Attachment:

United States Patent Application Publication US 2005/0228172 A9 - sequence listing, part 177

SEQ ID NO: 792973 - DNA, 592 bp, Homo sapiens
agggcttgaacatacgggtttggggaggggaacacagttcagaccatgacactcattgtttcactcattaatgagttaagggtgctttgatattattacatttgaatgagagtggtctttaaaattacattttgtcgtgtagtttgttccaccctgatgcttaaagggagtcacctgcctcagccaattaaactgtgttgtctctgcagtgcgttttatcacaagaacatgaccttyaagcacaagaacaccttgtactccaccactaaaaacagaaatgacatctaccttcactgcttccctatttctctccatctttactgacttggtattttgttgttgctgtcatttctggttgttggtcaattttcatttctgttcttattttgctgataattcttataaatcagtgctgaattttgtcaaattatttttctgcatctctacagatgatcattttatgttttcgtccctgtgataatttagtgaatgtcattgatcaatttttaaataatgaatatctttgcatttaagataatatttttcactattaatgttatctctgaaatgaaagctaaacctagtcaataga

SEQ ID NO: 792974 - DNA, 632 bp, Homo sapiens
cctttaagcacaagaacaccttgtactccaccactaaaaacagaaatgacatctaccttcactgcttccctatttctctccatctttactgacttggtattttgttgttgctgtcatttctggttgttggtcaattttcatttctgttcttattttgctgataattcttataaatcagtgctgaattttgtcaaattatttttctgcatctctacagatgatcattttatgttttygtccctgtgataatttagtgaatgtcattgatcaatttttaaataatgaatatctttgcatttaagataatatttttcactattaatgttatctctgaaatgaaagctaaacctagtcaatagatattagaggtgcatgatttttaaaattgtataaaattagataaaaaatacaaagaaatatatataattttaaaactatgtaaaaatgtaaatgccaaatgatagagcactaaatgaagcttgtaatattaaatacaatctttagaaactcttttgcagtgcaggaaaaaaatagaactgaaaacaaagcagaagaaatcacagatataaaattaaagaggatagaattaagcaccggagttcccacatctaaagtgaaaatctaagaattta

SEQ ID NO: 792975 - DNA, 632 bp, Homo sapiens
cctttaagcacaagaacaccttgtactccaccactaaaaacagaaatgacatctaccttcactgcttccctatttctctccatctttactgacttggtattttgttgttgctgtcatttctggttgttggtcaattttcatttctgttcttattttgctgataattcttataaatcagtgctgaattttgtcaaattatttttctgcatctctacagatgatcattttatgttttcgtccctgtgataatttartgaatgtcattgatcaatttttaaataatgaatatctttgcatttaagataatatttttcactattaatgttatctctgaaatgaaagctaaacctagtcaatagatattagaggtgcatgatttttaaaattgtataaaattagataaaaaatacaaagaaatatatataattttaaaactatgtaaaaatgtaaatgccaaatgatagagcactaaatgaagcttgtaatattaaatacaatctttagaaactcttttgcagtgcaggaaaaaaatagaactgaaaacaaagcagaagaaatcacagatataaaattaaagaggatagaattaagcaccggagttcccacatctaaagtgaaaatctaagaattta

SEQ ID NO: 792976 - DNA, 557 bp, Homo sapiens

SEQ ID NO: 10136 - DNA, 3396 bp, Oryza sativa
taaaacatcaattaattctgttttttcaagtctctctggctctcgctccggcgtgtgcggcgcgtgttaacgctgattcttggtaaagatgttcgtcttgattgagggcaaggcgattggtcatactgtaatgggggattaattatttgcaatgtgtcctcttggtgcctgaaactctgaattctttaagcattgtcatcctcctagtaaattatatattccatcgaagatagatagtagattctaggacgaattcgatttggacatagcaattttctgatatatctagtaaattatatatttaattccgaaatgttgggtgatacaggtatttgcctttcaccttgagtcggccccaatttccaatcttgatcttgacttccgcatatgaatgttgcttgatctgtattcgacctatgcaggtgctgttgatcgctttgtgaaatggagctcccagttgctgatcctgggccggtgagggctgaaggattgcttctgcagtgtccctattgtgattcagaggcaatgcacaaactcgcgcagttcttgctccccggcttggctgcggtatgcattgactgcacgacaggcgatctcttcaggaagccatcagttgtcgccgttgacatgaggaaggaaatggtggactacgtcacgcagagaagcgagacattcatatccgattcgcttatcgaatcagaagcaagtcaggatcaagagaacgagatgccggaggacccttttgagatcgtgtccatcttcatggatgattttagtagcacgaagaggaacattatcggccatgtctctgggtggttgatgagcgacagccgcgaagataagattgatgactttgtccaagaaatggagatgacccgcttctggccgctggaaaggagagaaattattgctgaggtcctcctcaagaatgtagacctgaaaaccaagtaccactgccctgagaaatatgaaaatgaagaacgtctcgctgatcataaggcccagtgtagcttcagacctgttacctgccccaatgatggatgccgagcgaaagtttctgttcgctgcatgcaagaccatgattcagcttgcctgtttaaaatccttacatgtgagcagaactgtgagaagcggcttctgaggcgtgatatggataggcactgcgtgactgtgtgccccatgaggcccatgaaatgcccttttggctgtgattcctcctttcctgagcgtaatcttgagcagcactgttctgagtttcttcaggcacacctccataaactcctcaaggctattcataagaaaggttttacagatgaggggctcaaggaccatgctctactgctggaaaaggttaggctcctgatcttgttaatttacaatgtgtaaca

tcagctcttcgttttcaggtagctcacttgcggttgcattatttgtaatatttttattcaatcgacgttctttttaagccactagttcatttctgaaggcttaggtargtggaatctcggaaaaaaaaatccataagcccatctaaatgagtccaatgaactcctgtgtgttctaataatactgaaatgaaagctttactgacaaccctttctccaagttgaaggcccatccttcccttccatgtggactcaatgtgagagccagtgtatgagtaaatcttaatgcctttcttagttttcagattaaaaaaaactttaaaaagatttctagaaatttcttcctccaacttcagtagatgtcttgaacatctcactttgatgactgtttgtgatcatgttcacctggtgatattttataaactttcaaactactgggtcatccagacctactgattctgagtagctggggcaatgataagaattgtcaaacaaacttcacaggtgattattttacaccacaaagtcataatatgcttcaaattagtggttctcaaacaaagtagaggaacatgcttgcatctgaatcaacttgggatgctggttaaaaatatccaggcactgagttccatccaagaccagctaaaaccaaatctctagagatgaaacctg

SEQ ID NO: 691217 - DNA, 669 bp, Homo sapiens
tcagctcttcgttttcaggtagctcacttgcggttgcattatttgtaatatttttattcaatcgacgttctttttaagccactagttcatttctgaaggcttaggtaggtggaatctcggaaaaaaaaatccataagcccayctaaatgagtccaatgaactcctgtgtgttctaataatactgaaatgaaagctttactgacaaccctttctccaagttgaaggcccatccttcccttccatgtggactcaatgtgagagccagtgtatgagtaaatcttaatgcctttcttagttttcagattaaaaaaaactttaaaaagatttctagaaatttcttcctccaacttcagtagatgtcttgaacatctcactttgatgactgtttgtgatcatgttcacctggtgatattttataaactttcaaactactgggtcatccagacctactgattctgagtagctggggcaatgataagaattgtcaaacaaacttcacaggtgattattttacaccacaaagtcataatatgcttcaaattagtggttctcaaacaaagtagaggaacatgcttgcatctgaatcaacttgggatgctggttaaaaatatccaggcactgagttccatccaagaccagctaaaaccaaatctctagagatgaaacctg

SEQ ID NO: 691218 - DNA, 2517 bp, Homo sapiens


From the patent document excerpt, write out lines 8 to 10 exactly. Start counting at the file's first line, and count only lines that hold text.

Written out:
SEQ ID NO: 792976 - DNA, 557 bp, Homo sapiens

SEQ ID NO: 10136 - DNA, 3396 bp, Oryza sativa
taaaacatcaattaattctgttttttcaagtctctctggctctcgctccggcgtgtgcggcgcgtgttaacgctgattcttggtaaagatgttcgtcttgattgagggcaaggcgattggtcatactgtaatgggggattaattatttgcaatgtgtcctcttggtgcctgaaactctgaattctttaagcattgtcatcctcctagtaaattatatattccatcgaagatagatagtagattctaggacgaattcgatttggacatagcaattttctgatatatctagtaaattatatatttaattccgaaatgttgggtgatacaggtatttgcctttcaccttgagtcggccccaatttccaatcttgatcttgacttccgcatatgaatgttgcttgatctgtattcgacctatgcaggtgctgttgatcgctttgtgaaatggagctcccagttgctgatcctgggccggtgagggctgaaggattgcttctgcagtgtccctattgtgattcagaggcaatgcacaaactcgcgcagttcttgctccccggcttggctgcggtatgcattgactgcacgacaggcgatctcttcaggaagccatcagttgtcgccgttgacatgaggaaggaaatggtggactacgtcacgcagagaagcgagacattcatatccgattcgcttatcgaatcagaagcaagtcaggatcaagagaacgagatgccggaggacccttttgagatcgtgtccatcttcatggatgattttagtagcacgaagaggaacattatcggccatgtctctgggtggttgatgagcgacagccgcgaagataagattgatgactttgtccaagaaatggagatgacccgcttctggccgctggaaaggagagaaattattgctgaggtcctcctcaagaatgtagacctgaaaaccaagtaccactgccctgagaaatatgaaaatgaagaacgtctcgctgatcataaggcccagtgtagcttcagacctgttacctgccccaatgatggatgccgagcgaaagtttctgttcgctgcatgcaagaccatgattcagcttgcctgtttaaaatccttacatgtgagcagaactgtgagaagcggcttctgaggcgtgatatggataggcactgcgtgactgtgtgccccatgaggcccatgaaatgcccttttggctgtgattcctcctttcctgagcgtaatcttgagcagcactgttctgagtttcttcaggcacacctccataaactcctcaaggctattcataagaaaggttttacagatgaggggctcaaggaccatgctctactgctggaaaaggttaggctcctgatcttgttaatttacaatgtgtaaca